Auguste Hauschner (1850-1924) was a German-language writer who worked in Prague. Her novel about the astronomer Tycho Brahe and a wonder-working rabbi is set in 16th century Prague at the time of Emperor Rudolph II.
The son of a bookseller, Hugo Steiner attended the Academy of Arts in Prague from 1898 and continued his education at the Munich Art Academy from 1901 to 1903. In 1905, he converted from Judaism to Catholicism and became a German citizen in 1907. He added the name of his native city to his last name to distinguish himself from other artists with the same name. Working at the Barmer Kunstgewerbeschule, he was appointed to the Royal Academy of Graphic Arts and Printing Arts in Leipzig. He was also artistic director of the Propylaea publishing house in Berlin. Steiner-Prag was best known for his illustrations of poems, fairy tales, and other books. He was president of the International Book Exhibition in Leipzig in 1919 and 1927 and organized the book departments of German exhibitions in Barcelona, Lyon, Paris, Pittsburgh, and New York. Steiner-Prag emigrated to Sweden in 1939 and then to the United States in 1941. Hugo Steiner-Prag died in New York City in 1945.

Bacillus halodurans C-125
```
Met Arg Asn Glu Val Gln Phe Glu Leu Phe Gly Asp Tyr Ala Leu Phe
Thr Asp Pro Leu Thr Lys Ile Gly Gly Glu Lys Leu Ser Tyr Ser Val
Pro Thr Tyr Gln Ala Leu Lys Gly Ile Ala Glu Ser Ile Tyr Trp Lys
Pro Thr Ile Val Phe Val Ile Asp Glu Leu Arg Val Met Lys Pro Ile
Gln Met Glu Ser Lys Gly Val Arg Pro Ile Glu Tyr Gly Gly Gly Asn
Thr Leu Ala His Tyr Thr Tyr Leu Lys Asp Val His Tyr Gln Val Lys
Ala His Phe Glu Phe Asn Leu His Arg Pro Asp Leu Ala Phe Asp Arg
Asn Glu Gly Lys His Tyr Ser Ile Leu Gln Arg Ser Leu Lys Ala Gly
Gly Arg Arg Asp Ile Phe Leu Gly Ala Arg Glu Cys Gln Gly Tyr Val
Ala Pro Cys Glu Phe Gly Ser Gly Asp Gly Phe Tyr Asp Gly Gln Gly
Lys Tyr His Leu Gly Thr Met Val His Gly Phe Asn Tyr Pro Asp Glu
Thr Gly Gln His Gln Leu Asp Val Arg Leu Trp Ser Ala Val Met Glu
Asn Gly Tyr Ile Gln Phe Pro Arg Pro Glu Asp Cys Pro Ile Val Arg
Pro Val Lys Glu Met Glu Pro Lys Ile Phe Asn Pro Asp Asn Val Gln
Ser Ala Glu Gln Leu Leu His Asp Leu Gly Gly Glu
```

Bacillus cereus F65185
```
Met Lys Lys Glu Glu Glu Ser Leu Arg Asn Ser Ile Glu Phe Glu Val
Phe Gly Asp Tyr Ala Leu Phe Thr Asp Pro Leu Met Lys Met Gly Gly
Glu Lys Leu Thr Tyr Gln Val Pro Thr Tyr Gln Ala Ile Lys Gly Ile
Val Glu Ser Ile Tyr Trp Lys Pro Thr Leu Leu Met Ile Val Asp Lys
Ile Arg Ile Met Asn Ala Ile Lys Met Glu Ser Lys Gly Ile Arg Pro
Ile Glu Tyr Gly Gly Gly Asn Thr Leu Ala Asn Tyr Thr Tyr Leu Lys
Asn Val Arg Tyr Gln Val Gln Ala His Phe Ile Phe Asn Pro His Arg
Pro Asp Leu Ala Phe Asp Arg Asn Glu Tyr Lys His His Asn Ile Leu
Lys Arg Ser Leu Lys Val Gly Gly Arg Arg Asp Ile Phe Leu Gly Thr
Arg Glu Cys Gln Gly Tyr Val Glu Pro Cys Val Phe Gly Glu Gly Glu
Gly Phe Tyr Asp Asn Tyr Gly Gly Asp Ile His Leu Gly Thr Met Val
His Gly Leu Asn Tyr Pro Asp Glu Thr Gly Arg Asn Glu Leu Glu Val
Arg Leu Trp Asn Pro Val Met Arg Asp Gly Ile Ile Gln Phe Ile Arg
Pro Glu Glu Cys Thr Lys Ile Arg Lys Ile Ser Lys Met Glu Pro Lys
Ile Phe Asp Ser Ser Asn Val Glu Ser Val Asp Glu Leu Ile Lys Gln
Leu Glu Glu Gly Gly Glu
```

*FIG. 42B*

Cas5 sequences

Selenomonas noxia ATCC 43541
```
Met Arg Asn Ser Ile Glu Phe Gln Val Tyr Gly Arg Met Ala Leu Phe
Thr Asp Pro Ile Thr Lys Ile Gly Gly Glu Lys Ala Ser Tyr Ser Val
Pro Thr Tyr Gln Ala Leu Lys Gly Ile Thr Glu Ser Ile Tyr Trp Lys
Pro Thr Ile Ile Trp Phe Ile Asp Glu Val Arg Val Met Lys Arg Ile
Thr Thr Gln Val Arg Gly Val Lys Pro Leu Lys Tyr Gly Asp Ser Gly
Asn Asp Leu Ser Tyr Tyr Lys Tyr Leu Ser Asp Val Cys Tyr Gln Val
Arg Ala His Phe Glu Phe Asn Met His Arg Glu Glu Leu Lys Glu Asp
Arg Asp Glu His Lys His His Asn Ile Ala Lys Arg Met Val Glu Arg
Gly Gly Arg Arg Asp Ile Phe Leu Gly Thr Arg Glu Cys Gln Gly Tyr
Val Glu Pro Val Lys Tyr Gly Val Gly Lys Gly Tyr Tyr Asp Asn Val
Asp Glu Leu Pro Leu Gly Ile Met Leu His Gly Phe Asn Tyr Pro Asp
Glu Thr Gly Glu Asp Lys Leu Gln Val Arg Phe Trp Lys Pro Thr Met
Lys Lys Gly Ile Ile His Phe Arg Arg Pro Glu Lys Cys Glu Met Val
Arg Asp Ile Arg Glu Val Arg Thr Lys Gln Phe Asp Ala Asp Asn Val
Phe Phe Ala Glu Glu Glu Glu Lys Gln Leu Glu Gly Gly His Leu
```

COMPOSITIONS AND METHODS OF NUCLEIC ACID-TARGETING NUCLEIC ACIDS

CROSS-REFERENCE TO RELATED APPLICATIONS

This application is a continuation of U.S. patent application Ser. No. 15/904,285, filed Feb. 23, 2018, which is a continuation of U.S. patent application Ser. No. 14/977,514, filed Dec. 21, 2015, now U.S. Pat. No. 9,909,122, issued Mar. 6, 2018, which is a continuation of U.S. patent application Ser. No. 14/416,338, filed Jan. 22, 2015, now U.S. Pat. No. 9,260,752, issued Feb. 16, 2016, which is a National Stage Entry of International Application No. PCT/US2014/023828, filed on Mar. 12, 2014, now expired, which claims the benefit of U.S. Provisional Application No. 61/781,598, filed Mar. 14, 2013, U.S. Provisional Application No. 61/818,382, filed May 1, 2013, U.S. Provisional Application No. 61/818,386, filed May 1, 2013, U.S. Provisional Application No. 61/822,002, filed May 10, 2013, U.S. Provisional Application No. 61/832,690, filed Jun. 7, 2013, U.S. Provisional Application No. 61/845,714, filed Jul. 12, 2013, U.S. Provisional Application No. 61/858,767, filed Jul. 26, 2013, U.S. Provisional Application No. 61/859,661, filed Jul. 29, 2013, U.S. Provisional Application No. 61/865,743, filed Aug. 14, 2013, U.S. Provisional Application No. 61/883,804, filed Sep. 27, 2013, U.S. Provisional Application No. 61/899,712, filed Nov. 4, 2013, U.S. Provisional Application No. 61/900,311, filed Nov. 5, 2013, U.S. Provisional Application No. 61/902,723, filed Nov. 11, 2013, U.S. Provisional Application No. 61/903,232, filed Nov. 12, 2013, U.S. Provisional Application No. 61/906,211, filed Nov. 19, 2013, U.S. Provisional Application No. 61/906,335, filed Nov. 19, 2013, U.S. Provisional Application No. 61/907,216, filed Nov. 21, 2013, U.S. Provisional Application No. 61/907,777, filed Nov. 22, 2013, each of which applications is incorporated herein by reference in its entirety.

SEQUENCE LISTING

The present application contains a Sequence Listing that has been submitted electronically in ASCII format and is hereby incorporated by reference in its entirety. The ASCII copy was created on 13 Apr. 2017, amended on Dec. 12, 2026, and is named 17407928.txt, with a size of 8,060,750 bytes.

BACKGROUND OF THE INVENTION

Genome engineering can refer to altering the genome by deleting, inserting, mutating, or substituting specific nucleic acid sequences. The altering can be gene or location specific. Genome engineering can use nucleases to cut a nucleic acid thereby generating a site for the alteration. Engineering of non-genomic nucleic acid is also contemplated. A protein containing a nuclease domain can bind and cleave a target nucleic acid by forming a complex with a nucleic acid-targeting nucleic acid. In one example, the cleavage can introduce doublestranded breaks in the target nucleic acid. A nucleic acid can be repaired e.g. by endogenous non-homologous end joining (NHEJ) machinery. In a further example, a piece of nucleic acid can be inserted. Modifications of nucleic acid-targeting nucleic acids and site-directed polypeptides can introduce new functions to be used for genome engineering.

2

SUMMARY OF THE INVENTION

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Steiner-Prag, Hugo: Der Tod des Löwen / Mit Radierungen von Hugo Steiner-Prag, Leo Baeck Institute, 78.794.